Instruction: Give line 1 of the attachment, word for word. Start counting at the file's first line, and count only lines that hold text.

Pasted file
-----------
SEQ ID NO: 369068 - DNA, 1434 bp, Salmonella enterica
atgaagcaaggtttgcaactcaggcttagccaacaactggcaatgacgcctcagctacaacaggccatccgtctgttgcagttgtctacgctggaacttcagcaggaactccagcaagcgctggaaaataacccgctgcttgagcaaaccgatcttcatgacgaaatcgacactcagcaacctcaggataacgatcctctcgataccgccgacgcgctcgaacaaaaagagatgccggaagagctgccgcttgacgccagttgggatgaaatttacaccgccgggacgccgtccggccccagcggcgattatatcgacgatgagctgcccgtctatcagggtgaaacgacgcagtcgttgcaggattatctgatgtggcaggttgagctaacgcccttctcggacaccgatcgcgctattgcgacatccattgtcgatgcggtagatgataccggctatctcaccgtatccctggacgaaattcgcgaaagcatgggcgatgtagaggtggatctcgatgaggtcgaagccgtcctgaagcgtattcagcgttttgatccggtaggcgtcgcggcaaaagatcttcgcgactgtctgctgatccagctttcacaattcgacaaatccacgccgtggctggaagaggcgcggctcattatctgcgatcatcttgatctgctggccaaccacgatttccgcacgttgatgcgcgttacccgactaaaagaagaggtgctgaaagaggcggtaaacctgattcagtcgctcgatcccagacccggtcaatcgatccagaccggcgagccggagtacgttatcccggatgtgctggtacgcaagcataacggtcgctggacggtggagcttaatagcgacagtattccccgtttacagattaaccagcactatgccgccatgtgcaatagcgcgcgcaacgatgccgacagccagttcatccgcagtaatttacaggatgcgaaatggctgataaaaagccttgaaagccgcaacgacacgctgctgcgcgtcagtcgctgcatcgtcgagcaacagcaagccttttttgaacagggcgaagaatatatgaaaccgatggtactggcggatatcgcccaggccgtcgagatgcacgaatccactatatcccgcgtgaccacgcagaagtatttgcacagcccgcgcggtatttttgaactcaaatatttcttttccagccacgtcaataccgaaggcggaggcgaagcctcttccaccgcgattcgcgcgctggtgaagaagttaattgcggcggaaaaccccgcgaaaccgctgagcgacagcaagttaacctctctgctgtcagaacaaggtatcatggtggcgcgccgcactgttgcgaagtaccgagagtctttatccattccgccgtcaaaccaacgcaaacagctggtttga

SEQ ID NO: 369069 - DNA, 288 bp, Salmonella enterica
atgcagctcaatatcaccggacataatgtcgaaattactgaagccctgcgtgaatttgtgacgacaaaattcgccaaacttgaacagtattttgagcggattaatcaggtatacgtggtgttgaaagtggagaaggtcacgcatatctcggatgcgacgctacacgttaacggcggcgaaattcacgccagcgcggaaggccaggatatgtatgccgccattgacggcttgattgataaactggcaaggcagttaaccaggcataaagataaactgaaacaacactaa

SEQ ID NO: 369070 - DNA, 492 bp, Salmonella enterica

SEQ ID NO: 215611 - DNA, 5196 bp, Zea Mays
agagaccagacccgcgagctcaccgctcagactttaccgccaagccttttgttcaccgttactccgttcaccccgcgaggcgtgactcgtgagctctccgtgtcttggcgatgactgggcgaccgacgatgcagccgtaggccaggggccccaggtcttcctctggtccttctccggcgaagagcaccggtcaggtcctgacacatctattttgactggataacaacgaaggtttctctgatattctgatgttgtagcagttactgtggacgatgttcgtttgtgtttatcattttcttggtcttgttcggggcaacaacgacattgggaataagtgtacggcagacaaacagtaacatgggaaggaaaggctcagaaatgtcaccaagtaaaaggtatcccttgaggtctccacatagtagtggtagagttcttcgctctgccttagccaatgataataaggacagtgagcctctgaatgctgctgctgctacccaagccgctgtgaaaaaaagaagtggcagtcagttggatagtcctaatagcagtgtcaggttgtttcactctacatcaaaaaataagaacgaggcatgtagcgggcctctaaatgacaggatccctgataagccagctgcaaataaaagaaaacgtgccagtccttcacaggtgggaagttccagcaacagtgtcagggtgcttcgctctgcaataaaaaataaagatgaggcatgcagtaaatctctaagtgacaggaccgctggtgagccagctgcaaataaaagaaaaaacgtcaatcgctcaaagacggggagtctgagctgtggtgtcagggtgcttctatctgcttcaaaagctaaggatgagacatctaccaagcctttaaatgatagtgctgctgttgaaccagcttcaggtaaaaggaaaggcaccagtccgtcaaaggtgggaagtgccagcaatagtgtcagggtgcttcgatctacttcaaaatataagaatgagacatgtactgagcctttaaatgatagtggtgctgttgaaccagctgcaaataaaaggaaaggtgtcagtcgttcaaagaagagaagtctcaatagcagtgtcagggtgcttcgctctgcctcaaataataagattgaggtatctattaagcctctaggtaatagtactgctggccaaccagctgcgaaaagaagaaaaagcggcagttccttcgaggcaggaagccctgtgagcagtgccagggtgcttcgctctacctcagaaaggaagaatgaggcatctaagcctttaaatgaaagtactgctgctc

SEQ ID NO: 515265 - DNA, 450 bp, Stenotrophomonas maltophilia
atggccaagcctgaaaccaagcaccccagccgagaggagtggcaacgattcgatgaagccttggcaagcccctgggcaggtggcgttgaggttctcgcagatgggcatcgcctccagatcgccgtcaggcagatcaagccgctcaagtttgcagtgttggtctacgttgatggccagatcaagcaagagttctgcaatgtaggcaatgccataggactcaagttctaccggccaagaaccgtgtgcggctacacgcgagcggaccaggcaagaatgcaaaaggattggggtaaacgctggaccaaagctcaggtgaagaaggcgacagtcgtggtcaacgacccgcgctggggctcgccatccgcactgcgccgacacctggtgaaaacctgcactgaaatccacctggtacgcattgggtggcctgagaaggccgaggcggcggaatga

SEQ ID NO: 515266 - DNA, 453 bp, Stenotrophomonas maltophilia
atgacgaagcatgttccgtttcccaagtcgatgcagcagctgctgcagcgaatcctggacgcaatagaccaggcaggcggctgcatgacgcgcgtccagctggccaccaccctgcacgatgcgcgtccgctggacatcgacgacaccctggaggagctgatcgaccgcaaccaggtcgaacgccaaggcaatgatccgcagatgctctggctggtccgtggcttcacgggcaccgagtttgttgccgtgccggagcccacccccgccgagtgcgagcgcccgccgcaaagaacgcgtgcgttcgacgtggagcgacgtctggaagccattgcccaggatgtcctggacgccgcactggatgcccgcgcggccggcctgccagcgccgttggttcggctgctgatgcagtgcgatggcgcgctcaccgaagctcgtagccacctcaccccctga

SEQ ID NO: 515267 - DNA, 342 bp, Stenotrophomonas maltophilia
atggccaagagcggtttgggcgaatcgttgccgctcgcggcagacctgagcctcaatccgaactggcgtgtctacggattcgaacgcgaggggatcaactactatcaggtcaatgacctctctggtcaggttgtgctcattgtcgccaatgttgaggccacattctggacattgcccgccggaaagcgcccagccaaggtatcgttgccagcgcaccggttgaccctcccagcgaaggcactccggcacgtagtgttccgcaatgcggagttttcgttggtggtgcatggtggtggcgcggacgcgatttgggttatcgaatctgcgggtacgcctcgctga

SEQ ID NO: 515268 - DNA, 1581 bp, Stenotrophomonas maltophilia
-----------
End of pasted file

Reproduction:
SEQ ID NO: 369068 - DNA, 1434 bp, Salmonella enterica